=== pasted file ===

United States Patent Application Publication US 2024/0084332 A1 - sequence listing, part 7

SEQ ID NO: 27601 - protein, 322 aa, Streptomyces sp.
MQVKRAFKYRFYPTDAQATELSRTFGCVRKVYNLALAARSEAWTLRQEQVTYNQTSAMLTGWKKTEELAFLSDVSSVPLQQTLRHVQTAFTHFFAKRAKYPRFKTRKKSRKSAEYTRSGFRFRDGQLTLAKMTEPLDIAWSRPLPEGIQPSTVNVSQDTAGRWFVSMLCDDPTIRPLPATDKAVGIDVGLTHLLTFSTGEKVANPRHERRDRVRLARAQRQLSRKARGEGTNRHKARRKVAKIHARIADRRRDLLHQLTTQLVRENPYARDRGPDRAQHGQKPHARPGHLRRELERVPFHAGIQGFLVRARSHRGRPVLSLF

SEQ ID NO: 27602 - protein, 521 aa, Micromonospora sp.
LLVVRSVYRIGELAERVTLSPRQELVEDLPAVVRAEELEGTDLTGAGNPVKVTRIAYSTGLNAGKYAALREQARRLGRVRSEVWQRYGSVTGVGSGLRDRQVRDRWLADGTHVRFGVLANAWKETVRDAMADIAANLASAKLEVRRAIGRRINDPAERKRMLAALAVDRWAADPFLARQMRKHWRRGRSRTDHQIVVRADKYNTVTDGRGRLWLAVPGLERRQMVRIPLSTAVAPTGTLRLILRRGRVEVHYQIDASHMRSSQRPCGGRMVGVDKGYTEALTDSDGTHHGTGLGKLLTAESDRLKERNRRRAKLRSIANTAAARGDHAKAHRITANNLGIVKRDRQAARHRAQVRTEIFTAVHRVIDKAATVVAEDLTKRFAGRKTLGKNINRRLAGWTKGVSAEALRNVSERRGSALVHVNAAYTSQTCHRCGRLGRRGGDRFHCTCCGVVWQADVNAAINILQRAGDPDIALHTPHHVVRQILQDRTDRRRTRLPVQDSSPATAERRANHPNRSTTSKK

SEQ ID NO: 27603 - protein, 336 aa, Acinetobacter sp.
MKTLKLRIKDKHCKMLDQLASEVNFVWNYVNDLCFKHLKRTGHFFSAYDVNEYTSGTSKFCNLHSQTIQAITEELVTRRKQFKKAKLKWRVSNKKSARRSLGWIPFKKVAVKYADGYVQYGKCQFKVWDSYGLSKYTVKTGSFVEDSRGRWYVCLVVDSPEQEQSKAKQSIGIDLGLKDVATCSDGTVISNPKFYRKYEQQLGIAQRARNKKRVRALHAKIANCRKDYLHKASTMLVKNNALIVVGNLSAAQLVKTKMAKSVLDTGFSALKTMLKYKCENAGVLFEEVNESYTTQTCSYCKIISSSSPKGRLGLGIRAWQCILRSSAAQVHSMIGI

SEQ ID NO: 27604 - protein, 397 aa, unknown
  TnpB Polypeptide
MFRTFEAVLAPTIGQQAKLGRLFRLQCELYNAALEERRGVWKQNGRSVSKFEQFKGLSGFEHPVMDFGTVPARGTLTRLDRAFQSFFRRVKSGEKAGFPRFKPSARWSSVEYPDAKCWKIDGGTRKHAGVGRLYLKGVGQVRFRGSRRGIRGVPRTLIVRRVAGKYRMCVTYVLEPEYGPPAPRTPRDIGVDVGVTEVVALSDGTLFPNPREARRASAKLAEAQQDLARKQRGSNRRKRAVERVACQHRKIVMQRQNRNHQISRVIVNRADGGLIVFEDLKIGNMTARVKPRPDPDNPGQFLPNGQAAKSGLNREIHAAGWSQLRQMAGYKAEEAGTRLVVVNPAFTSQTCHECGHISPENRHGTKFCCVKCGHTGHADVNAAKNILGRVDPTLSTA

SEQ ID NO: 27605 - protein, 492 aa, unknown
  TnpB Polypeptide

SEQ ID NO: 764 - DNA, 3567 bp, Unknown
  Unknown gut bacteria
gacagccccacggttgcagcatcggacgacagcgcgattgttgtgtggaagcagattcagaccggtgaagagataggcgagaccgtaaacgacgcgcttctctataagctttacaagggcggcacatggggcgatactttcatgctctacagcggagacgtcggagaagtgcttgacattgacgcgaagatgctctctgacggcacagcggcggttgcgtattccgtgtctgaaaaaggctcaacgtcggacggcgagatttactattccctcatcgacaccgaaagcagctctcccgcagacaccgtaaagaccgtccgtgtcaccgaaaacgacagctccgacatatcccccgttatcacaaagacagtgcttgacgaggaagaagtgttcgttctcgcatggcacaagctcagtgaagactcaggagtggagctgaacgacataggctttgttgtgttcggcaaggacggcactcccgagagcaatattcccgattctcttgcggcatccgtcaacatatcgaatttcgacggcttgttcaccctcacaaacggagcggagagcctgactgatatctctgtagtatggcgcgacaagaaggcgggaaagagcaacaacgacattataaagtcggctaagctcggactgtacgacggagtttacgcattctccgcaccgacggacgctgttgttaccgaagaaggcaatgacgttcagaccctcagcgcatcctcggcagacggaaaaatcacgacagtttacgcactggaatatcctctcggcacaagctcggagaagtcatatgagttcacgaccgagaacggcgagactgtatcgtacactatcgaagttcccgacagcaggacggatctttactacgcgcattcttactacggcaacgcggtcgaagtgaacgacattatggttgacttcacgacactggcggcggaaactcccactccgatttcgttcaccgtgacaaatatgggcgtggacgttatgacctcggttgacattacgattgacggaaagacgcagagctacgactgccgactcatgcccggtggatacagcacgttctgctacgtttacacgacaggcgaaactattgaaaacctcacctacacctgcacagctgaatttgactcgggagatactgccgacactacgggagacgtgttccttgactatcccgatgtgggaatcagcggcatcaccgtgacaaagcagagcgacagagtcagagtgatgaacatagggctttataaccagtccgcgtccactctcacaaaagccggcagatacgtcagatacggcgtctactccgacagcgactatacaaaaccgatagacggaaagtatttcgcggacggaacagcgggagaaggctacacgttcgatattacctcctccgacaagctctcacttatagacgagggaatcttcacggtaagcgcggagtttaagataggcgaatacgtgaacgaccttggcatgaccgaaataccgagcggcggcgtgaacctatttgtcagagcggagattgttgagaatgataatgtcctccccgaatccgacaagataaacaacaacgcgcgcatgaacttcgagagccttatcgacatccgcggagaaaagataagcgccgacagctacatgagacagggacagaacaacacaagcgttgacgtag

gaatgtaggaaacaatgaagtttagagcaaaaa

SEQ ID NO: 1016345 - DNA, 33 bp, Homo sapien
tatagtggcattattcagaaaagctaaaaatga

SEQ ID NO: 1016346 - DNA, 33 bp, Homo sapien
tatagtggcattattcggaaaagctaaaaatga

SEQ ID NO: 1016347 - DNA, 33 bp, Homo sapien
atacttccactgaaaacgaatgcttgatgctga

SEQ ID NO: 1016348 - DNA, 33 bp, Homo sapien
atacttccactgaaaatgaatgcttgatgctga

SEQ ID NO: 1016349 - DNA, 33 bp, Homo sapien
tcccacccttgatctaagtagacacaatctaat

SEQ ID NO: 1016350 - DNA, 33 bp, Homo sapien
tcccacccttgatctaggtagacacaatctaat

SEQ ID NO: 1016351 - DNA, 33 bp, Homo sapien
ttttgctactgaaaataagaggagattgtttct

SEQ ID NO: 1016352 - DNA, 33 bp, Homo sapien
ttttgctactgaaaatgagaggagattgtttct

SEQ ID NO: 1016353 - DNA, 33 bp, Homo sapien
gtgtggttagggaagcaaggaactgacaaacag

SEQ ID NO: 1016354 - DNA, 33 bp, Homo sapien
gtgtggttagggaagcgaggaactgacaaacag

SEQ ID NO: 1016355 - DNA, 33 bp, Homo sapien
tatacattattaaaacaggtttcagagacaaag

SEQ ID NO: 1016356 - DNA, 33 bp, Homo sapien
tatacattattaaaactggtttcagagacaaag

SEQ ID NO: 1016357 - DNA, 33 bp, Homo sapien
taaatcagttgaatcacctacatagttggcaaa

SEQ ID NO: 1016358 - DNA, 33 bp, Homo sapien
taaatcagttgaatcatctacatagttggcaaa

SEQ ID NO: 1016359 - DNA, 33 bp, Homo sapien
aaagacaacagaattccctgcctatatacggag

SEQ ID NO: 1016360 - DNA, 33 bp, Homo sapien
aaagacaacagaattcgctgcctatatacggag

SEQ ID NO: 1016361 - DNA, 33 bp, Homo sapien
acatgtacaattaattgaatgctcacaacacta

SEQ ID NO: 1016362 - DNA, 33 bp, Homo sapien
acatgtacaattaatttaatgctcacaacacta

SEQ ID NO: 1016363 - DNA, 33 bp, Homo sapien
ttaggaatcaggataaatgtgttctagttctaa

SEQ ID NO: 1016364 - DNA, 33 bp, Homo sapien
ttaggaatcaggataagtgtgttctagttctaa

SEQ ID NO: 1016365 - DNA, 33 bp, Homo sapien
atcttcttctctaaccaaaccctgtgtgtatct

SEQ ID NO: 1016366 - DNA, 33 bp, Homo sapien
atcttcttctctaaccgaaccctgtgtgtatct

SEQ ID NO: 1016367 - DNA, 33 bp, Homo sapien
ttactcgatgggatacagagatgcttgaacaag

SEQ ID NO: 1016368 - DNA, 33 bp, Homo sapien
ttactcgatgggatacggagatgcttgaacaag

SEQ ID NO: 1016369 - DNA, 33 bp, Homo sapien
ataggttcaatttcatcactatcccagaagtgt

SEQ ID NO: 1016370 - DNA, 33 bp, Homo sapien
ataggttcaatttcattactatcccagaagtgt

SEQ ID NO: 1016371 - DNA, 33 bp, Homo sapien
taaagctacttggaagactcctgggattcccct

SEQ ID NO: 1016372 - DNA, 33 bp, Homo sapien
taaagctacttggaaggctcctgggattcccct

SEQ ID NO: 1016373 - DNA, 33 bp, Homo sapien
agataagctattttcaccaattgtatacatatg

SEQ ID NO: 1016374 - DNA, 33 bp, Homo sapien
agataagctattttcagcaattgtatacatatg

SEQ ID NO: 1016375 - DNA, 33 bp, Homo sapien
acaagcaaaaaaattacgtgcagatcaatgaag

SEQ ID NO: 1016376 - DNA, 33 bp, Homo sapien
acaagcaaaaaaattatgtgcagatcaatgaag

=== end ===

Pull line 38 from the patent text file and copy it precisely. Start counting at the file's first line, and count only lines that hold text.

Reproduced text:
tatacattattaaaacaggtttcagagacaaag